• Negative integers: Of course, negative integers are permitted. For example, [-1..1] matches -1, 0 or 1. Sidenote: a leading dash in a Character Class means that dashes are allowed. It may sound trivial, but then you should know that in a Character Class [A-Z], the dash means from/to – the range A to Z. A dash in a Character Class has a different meaning depending of if it’s in the beginning or the middle of an expression. Anyway, if there is a double point, it is an Integer Class and then dash means minus.
  • Greedy: Like many other regex operators – such as repetition – the Integer Class is greedy of type longest-leftmost-match, but charity obedient. This means that [0..255] rather match 255 than 2 in candidate 255. But the regex engine is prepared to release the fives if it means the whole expression match. This differs from the super chubby alternation above. At least a Traditional NFA engine often matches the first one it finds, i.e. 2 rather than 255.
  • Meta Characters inside Integer class: There’s no need for rules to escape characters since only digits, double dots and dashes are permitted in an Integer class. Backslash is not allowed to reside in an Integer Class.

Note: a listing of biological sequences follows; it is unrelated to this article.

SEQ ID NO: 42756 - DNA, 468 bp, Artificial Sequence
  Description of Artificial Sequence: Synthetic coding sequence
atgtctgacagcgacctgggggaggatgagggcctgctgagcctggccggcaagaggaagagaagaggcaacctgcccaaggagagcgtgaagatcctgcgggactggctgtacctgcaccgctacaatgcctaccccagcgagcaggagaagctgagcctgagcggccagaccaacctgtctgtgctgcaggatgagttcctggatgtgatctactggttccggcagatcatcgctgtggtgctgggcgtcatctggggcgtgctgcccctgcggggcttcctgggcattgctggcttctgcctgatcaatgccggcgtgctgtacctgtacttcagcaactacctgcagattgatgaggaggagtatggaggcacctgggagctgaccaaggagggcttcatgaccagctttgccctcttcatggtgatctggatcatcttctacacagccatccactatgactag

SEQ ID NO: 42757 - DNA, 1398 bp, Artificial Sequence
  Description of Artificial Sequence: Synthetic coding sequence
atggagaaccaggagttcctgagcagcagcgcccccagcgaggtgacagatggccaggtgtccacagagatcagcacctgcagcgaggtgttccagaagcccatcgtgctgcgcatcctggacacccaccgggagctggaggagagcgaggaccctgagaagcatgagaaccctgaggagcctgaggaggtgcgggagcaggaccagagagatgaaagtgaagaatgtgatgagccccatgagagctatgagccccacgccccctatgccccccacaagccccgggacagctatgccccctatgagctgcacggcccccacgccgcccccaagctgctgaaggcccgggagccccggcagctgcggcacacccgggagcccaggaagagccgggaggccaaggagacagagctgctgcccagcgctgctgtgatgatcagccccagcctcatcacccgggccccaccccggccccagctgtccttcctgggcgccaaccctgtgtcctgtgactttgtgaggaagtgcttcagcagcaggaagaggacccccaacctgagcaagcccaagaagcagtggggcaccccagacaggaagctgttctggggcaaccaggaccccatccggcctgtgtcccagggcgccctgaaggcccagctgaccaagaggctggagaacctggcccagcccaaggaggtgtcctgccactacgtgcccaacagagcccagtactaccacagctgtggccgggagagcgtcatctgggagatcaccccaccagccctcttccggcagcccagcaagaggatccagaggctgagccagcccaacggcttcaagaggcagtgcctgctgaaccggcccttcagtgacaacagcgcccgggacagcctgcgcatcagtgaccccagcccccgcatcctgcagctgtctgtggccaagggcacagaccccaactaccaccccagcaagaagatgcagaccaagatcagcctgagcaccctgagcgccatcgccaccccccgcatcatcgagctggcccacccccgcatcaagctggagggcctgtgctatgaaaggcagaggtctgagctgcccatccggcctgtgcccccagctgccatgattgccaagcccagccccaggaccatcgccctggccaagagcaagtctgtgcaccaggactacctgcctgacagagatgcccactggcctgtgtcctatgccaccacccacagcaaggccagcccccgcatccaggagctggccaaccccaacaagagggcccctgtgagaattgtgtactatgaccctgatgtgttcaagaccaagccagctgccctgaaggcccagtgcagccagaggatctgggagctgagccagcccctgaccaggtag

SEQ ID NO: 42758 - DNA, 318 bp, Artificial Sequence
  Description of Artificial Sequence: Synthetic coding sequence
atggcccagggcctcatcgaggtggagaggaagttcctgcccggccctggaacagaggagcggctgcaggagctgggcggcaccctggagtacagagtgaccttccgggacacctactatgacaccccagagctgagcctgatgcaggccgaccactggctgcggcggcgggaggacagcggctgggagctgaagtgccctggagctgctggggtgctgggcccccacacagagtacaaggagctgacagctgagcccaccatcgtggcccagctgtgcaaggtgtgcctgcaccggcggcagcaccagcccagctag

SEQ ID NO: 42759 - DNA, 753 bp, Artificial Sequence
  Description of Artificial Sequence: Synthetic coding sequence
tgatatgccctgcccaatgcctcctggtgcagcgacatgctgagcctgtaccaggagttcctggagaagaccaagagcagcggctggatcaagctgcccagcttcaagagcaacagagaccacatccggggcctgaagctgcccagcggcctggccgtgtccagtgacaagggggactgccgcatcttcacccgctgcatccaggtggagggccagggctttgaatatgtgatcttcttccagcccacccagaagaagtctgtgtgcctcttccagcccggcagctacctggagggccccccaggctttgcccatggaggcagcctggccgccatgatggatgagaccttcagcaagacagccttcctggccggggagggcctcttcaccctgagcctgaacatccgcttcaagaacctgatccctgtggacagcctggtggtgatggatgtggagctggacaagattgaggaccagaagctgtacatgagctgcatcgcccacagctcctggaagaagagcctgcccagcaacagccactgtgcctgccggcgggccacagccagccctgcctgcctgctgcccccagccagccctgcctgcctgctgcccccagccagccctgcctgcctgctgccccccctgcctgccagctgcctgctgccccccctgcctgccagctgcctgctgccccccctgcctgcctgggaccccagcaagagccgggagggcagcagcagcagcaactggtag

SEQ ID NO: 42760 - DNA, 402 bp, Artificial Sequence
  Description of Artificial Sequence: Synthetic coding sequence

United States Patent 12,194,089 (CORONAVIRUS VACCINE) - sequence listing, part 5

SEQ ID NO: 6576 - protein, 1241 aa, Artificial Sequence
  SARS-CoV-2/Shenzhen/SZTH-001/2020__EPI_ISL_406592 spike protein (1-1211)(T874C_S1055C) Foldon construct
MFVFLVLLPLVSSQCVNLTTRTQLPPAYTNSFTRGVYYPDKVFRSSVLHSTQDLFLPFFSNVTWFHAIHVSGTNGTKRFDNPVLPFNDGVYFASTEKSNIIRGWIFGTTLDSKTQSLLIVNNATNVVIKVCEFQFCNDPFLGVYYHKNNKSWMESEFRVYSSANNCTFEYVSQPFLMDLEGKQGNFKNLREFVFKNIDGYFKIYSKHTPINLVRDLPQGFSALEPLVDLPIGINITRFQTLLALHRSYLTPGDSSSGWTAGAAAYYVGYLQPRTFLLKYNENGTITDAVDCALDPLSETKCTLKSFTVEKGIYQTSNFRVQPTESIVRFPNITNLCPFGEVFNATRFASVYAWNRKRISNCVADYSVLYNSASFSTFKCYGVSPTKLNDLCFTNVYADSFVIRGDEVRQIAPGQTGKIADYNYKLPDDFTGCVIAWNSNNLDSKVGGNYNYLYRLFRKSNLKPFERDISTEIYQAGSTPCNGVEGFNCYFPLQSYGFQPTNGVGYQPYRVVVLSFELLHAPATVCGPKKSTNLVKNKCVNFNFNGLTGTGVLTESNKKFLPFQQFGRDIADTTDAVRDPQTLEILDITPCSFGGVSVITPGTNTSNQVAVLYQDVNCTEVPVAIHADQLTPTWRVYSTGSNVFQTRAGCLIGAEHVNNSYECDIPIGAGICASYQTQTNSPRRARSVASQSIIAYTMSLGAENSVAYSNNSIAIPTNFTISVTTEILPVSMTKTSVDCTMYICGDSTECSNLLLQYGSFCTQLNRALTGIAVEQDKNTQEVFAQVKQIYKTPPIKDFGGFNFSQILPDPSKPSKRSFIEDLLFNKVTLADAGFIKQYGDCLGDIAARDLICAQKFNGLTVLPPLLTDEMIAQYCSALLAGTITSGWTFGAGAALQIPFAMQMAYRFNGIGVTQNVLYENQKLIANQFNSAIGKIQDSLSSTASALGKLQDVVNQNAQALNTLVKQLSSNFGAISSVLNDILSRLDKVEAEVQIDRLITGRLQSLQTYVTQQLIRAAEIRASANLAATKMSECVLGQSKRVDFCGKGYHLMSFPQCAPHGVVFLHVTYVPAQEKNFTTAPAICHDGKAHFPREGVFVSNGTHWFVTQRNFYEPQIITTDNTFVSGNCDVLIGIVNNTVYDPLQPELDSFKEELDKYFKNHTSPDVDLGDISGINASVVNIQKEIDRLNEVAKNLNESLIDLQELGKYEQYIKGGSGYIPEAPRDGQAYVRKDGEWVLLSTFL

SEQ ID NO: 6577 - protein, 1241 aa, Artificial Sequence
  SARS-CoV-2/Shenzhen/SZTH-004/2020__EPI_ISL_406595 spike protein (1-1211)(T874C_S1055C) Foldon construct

• Negated Integer Class: A caret ^ after the right square bracket will negate the Integer Class. Any integer except those stated in the Integer Class will be matched. E.g. [^5..7] match any integer except 5, 6 and 7. Note that a negated Integer Class still must match an integer. Match exactly one integer, but not 5, 6 or 7.
  • Not accepting nothing: A Character Class doesn’t match nothing – the empty string. The same is true for an Integer Class. There must be an integer matched in the range. The exception is, of course, when an Integer Class is followed by * or ? — for example: [0..255]*

With the suggested Integer Class, an IP address can be matched with this regex:

  • ([0..255]\.){3}[0..255]

Relevant questions:

  • Is this syntax possible or would it be ambiguous?2